The Ragged School Museum is housed in a group of three canalside buildings which once formed the largest “ragged” or free school in London.
When Thomas Barnardo came to London from his home city of Dublin in 1866, intending to train as a doctor and then become a missionary in China, he was confronted by a city where disease was rife, poverty and overcrowding endemic and educational opportunities for the poor were non-existent. He watched helplessly as a cholera epidemic swept through the East End, leaving over 3,000 Londoners dead and many destitute.
He gave up his medical training to pursue his local missionary works and in 1867 opened his first “ragged school” where children could gain a free basic education.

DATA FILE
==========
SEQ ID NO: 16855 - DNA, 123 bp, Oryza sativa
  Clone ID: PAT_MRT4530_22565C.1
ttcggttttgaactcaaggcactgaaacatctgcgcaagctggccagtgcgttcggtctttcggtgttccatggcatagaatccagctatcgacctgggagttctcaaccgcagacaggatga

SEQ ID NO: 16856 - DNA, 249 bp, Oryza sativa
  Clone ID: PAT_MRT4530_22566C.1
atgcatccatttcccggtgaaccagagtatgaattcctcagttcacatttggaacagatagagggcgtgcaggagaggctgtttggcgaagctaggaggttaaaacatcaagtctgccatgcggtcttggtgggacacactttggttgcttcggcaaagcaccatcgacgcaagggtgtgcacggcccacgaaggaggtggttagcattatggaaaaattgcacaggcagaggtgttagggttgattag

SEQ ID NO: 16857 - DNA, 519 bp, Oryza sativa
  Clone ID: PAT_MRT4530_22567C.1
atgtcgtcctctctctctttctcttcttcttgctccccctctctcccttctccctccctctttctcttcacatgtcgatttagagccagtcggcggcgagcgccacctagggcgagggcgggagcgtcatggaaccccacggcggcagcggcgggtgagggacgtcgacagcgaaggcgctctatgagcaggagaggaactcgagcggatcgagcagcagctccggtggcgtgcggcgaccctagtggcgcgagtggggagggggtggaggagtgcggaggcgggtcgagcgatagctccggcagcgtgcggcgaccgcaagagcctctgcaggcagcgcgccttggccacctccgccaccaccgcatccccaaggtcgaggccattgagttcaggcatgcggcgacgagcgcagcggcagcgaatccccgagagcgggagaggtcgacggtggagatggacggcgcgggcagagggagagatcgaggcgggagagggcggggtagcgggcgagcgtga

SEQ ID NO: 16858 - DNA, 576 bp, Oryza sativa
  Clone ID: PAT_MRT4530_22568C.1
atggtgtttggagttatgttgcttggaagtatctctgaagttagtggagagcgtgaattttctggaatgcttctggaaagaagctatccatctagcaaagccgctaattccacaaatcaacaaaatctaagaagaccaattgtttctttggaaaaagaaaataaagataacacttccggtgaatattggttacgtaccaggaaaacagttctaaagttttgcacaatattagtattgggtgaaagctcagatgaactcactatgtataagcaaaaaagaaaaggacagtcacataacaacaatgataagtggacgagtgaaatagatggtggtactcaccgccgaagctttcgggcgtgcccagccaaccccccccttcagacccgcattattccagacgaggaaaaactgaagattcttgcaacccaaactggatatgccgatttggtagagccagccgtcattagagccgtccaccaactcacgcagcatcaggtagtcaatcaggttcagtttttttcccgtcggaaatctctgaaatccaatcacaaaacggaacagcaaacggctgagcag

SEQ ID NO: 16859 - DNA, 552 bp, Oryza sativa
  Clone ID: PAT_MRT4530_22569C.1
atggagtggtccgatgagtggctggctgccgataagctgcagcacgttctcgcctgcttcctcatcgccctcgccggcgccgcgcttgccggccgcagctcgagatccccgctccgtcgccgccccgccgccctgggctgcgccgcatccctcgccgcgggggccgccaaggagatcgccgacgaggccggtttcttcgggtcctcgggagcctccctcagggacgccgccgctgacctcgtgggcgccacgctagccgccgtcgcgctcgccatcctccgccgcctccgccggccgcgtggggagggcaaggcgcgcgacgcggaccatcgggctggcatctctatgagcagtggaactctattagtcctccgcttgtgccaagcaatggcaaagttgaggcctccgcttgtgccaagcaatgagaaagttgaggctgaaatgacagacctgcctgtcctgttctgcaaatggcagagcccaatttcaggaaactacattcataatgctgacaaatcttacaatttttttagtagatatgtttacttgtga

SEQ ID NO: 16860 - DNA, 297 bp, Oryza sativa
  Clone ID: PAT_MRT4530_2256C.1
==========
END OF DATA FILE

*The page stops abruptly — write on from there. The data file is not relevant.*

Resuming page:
Ten years later, Barnardo’s Copperfield Road Free School opened its doors to children and for the next thirty-one years educated tens of thousands of children. It closed in 1908 by which time enough government schools had opened in the area to serve the needs of local families.
The buildings, originally warehouses for goods transported along the Regent’s Canal, then went through a variety of industrial uses until, in the early 1980s, they were threatened with demolition.
It was then that a group of local people joined together to save them and reclaim their unique heritage. The Ragged School Museum Trust was set up and the museum opened in 1990.
Erica Davies, director, Ragged School Museum